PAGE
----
by Laura Fratus
(Plain Press, April 2005) Before I even saw my daughter’s face, I knew that something had gone bad in BunnyLand.
My son, Ned, and I had finished our secret shopping simultaneously and were waiting at the front of the big tent at the Malley’s Chocolates factory in Brookpark. Each of us was slyly eyeing the other’s pink and green paper bag, trying to figure which combination of goodies might result in a package of that particular shape and apparent weight.
But we’d had plenty of time to consider each other’s purchases, as well as to discuss what kind of candy we’d invent if we owned our own factory, and to ponder what it must sound like inside the giant hollow head of the person dressed as the Easter bunny. And still the other half of the our family had not come through the check-out lanes.
And then I looked up and saw my daughter’s face, completely stricken, even on the verge of panic.
Well, of course. She had lost her money. Just as I almost knew she would.
We all have our crosses to bear, and my poor Audrey’s is carelessness. It is a great relief that Audrey was born with a heart of gold, since anything else she has of value is lost, broken or otherwise ruined, usually within moments of coming into her hands.
Her father and I have already passed through the stages of annoyance and aggravation over this, and have settled into resignation. We know she will grow out of it — someday soon, we fervently hope — and that we need to continue to let her experience both the chance to be responsible and the consequences of failing. But to Audrey, each new loss is as terrible as the last.
My husband, John, waved me over. I could tell by the look on his face that he hoped to foist onto me the job of telling her that she would not, after all, get to be a Secret Bunny. She would not get to buy the candy she’d selected for the family member whose name she had drawn from my baseball cap that morning. We would suggest that she share the candy from her own basket with the person for whom she was supposed to have been shopping, knowing that though she would offer all of it — and willingly — the better part of her Easter fun would be spoiled.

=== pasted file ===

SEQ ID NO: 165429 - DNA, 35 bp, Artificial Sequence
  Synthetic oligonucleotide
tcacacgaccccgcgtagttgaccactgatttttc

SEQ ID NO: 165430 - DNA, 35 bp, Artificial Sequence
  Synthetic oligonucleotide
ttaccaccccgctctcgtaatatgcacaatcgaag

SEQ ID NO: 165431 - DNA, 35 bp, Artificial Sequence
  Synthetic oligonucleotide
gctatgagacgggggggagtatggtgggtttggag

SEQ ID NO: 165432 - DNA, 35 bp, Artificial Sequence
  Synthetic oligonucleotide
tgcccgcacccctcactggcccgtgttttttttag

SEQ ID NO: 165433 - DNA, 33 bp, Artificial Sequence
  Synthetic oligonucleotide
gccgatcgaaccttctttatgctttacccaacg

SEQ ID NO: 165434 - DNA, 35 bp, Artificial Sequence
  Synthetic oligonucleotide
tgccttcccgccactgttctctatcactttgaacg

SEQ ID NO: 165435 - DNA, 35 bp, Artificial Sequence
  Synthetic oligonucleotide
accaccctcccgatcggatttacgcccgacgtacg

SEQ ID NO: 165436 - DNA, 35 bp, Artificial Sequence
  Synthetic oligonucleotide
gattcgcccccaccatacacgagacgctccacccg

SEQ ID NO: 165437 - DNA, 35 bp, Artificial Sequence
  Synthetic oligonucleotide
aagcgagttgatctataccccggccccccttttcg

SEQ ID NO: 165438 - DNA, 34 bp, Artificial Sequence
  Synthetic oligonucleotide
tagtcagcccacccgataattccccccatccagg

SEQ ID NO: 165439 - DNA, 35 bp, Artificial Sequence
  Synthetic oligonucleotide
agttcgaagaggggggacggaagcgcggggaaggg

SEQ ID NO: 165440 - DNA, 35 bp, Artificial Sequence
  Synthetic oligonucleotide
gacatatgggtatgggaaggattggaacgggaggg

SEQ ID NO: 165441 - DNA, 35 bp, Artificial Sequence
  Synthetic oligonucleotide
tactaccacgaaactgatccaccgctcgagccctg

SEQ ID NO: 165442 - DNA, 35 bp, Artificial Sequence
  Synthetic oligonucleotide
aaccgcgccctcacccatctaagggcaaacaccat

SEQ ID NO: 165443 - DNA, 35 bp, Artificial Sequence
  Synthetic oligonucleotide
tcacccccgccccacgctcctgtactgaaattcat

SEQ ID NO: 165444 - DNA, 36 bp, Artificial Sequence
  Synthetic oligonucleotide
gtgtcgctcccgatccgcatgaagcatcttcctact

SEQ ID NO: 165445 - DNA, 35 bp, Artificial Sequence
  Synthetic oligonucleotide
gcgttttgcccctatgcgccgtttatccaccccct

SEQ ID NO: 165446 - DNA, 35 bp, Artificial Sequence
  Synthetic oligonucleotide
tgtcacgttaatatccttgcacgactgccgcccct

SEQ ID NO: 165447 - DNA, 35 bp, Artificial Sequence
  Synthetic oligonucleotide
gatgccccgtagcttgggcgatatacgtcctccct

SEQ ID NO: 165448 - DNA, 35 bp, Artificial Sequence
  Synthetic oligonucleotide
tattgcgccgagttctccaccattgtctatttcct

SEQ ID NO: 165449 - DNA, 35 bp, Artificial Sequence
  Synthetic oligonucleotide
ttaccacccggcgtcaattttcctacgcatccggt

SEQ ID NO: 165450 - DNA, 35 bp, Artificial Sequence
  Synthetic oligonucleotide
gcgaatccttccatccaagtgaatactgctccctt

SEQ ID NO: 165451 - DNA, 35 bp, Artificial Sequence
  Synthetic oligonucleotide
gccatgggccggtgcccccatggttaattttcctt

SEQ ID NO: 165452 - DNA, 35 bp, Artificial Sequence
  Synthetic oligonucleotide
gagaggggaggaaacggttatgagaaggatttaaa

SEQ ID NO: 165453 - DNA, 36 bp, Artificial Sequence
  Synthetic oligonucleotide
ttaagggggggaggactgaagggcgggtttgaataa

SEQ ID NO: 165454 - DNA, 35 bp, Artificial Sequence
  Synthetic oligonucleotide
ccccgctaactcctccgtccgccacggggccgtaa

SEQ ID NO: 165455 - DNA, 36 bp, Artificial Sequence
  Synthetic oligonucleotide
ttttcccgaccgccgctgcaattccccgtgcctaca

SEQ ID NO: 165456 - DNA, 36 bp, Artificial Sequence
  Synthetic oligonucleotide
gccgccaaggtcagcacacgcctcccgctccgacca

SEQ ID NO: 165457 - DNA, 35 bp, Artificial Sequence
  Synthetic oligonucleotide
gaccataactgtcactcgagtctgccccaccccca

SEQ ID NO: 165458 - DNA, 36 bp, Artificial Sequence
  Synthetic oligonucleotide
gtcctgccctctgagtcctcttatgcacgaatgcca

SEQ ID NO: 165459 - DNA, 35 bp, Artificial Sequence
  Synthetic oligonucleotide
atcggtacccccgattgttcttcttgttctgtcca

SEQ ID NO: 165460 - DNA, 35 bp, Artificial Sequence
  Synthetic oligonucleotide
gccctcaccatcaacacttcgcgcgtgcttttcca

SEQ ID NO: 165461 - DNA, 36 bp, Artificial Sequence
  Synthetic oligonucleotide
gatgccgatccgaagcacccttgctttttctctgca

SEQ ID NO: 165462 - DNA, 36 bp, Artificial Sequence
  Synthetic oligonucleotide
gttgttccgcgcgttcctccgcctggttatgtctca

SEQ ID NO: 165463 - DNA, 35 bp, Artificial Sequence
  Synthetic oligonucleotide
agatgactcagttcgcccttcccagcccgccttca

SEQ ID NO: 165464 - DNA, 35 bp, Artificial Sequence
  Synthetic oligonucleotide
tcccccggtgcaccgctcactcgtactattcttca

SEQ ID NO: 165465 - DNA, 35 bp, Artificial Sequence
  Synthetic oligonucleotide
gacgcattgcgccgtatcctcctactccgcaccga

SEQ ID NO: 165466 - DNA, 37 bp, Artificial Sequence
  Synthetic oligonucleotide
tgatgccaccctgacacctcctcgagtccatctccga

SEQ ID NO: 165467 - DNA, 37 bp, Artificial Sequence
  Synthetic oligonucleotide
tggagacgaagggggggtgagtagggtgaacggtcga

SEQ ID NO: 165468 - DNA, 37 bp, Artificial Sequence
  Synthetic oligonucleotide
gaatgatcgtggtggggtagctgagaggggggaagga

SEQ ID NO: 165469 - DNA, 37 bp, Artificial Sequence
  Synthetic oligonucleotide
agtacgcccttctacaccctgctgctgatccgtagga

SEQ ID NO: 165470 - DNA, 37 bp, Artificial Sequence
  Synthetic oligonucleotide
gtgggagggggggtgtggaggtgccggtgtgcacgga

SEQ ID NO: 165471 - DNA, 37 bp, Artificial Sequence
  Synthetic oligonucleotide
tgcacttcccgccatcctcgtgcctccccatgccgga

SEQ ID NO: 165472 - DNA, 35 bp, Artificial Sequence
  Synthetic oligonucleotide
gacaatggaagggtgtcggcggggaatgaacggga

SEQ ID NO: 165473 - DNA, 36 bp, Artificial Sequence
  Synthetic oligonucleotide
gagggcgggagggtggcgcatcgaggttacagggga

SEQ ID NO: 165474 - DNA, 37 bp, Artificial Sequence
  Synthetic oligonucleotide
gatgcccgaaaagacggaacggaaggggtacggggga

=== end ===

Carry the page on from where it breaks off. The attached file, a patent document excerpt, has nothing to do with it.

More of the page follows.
There are many times when John and I wish that someone would intervene and save our kids from their negative consequences. Dishing out discipline is not the part of parenting that either of us enjoys. But though we have our moments of indecision, we both knew this was not going to be one of them. We had handed over a $10 bill to her and received her solemn assurance that it would remain zipped carefully into her coat pocket until she was standing before the cashier. We knew without discussing it that neither of us was going to replace that lost money. We couldn’t.
Which was what I was preparing myself to explain when Audrey looked up with astonished relief into the smiling face of Dan Malley as he offered her a $10 gift certificate, with his compliments. He had observed this little family drama unfolding and had stepped in to help. As we left the big tent, all four of us having successfully completed our Secret Bunny errands, I explained to Audrey that, yes, her benefactor was that Mr. Malley.
Sounds simple enough, and it was simple for a man with a great sense of timing and a shirt pocket full of ten dollar gift certificates. But who knows what could come of this? How much candy might a loyal customer purchase if she’s looking forward to eight or nine decades of candy shopping?
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